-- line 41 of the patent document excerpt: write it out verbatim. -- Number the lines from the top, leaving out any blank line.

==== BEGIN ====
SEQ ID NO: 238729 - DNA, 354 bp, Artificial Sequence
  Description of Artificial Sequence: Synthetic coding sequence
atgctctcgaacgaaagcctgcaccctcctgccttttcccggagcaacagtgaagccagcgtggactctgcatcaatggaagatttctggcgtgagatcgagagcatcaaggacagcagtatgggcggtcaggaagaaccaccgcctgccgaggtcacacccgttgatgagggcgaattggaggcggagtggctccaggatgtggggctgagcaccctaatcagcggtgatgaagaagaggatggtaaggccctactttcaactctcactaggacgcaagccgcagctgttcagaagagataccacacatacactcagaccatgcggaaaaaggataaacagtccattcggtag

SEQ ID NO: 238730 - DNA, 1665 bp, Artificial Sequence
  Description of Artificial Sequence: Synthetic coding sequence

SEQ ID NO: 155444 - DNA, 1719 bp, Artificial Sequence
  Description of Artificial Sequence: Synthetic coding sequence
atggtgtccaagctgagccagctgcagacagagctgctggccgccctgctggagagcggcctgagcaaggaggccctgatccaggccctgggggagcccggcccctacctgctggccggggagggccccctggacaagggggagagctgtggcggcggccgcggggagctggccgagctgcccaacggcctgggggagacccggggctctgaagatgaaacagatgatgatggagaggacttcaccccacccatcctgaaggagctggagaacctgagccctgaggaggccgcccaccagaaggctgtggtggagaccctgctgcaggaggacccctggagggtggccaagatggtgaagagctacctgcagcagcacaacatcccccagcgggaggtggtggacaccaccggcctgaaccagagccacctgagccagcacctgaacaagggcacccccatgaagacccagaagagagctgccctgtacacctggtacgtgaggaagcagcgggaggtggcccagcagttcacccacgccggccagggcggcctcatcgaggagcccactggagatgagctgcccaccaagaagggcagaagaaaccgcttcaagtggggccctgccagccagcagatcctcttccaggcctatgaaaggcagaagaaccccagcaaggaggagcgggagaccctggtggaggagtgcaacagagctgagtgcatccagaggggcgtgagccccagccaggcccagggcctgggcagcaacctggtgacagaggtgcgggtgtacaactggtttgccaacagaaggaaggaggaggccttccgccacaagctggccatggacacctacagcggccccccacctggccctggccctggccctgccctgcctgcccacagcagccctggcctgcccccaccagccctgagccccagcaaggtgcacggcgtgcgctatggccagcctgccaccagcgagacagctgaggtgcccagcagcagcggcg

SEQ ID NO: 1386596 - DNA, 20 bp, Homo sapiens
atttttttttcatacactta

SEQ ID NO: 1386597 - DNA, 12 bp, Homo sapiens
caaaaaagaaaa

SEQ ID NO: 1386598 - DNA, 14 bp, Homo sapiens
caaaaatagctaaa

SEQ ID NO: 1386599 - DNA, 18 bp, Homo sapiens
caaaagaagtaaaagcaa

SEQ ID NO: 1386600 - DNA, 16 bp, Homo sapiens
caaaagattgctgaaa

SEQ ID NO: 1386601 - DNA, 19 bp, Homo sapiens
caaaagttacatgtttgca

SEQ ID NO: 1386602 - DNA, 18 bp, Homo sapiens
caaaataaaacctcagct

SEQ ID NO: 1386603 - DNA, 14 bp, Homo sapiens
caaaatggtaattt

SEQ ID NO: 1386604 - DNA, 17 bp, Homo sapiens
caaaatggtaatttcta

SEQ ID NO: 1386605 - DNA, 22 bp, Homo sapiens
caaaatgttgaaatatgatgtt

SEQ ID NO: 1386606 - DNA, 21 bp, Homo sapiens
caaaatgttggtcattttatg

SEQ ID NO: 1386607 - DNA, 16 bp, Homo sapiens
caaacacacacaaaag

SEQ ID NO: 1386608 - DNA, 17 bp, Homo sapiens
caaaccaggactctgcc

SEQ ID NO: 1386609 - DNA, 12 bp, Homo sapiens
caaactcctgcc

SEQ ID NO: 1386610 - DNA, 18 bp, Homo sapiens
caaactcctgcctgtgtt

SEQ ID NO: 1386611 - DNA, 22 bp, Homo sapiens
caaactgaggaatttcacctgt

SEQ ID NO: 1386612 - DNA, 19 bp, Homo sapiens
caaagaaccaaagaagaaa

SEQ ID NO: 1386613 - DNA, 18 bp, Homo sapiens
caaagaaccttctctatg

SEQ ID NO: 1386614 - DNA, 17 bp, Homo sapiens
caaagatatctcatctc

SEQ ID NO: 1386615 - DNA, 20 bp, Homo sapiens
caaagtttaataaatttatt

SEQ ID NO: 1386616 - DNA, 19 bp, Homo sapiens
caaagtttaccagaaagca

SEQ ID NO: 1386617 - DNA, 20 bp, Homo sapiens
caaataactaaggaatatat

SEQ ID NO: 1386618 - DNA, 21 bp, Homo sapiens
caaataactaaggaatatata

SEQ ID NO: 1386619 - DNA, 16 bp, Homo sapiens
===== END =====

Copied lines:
SEQ ID NO: 1386612 - DNA, 19 bp, Homo sapiens